Weight [Re]Gain Post Bariatric Surgery

North West CoastMetabolic and Endocrine
Start Date: 16 Feb 2016

Weight [Re]Gain Post Bariatric Surgery

Introduction & Aim

Following weight loss surgery, some people struggle to maintain their new lower weight, and regain some or all of their lost weight ¹,². The main aim of the research study was to find out what factors seem to influence whether or not someone regains weight following bariatric surgery.

Participants and Study Design

Seven participants were recruited by their usual care team. Inclusion criteria:

  • Patients who consider themselves to have weight regained
  • Had a bypass or sleeve within the previous 20 years Exclusion criteria
  • Patients with an overt eating disorder
  • Patients receiving psychological intervention for their weight
  • Patients who are unable to converse fluently in English
  • Patients who are unable to provide informed consent


Analysis identified themes that might indicate risk of weight regain. Pre-operative behaviours included:

  • A history of ‘yo-yo’ dieting
  • A lack of weight loss before surgery (despite engagement with specialist services). Behaviours present before and after surgery included
  • Eating habits and behaviours inconsistent with weight management
  • Comfort eating or drinking post-operatively
  • The diminishing effects of surgery
  • Inadvertent sabotage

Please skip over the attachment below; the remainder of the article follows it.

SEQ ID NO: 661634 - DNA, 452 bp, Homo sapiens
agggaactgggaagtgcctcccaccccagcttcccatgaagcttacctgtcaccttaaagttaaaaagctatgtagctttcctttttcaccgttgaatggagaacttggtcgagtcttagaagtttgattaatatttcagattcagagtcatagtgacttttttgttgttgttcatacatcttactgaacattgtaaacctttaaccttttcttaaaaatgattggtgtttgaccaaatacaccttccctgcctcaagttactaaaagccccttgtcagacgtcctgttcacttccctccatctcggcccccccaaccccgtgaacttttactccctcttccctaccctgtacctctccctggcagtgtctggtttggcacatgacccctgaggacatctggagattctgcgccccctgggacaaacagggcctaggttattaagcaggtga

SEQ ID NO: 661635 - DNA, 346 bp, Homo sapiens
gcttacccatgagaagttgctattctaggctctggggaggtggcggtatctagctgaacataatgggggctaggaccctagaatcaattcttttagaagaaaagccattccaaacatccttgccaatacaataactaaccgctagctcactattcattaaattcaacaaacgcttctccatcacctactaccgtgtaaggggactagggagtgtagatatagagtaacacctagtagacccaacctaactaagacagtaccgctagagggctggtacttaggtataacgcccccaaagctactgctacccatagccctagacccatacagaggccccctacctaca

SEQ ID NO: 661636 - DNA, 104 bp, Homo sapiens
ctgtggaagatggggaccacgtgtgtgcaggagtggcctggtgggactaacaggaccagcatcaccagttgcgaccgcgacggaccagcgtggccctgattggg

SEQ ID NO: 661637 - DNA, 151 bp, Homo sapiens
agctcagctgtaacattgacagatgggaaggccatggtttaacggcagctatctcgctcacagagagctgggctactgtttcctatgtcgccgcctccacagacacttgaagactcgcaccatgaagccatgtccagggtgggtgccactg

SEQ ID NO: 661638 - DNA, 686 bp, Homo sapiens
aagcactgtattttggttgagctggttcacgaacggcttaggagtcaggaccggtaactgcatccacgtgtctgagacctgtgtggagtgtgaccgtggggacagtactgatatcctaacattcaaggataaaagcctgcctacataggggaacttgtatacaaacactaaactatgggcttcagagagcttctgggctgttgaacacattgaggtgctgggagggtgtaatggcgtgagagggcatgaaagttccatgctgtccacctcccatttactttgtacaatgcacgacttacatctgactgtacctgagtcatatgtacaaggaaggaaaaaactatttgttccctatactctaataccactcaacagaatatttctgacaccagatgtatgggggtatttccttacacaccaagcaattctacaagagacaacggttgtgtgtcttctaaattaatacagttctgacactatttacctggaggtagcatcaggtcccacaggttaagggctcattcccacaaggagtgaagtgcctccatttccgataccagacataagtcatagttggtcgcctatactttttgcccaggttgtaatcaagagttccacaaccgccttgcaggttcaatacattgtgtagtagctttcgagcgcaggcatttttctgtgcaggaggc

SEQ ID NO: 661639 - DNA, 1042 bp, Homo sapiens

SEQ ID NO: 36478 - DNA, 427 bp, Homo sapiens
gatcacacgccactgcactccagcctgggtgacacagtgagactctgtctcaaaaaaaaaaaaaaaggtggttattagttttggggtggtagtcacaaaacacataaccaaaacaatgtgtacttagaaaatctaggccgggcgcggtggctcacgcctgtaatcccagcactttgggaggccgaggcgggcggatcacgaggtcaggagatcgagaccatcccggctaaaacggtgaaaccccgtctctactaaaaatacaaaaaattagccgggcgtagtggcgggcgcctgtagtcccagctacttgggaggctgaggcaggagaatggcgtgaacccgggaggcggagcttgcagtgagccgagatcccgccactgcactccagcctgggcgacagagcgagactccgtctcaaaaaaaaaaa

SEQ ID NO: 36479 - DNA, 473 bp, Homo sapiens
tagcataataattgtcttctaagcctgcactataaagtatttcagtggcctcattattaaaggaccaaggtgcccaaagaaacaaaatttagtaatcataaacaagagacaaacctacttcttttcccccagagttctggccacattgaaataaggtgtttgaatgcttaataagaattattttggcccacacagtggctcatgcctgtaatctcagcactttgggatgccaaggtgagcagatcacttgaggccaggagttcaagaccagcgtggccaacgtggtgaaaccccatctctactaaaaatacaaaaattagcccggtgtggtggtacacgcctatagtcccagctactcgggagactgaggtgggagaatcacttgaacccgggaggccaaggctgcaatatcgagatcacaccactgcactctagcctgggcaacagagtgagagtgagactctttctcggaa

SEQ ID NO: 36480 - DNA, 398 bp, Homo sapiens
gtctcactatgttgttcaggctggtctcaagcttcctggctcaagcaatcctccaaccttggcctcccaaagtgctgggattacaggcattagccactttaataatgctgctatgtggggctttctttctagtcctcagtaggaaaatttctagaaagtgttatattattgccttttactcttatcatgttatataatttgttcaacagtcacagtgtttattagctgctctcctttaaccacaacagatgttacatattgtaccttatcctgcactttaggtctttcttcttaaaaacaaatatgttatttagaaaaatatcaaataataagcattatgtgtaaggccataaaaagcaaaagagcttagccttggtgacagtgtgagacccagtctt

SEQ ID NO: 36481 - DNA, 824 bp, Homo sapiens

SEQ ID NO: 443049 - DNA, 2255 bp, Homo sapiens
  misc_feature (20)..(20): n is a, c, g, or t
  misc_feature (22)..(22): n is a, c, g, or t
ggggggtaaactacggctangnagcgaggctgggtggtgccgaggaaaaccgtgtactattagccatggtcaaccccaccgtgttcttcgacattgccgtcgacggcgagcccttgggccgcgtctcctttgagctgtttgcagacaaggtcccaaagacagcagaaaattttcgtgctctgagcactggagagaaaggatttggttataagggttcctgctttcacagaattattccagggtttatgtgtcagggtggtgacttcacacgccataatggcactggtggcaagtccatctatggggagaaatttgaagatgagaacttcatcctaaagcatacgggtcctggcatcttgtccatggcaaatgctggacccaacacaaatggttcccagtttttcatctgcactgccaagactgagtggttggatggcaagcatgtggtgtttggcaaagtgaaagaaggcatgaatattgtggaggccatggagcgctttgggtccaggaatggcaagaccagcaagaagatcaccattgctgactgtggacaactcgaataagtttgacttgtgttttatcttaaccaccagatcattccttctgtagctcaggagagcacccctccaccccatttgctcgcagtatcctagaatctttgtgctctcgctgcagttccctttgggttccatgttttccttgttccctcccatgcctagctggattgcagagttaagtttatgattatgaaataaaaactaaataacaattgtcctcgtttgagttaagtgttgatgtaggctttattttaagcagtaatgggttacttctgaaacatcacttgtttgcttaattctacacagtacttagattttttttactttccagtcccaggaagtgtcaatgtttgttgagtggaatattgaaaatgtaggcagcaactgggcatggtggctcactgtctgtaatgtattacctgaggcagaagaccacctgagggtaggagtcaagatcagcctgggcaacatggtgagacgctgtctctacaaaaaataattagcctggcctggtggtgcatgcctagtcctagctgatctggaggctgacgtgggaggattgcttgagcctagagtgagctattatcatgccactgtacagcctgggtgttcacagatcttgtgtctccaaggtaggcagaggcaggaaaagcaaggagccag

• Lack of self monitoring
  • Lack of post operative support


Identifying patients likely to struggle following bariatric surgery should be a priority for health care professionals. These people should not be denied surgery for their severe obesity, but identification of new strategies or care pathways should be considered to help identify these individuals before surgery, so that adequate support can be provided to help them achieve and maintain their weight loss goals for as long as possible.

Direction for further work

There will be a cohort for patients who have undergone bariatric surgery and failed to maintain their new weight despite surgical success. The participants in this study proactively engaged with specialist follow up - but not every patient will do this. It is not inappropriate to suggest that some patients who weight regain, will be in worse overall health than before surgery, with unchanged cardiorespiratory fitness with the potential for vitamin and mineral insufficiency secondary to malabsorption. For these patients, further surgery provided by the NHS is very unlikely and the only management option will be conservative. Future research should give greater consideration to physical activity, dietetic and psychological intervention following surgery.

Professor John Wilding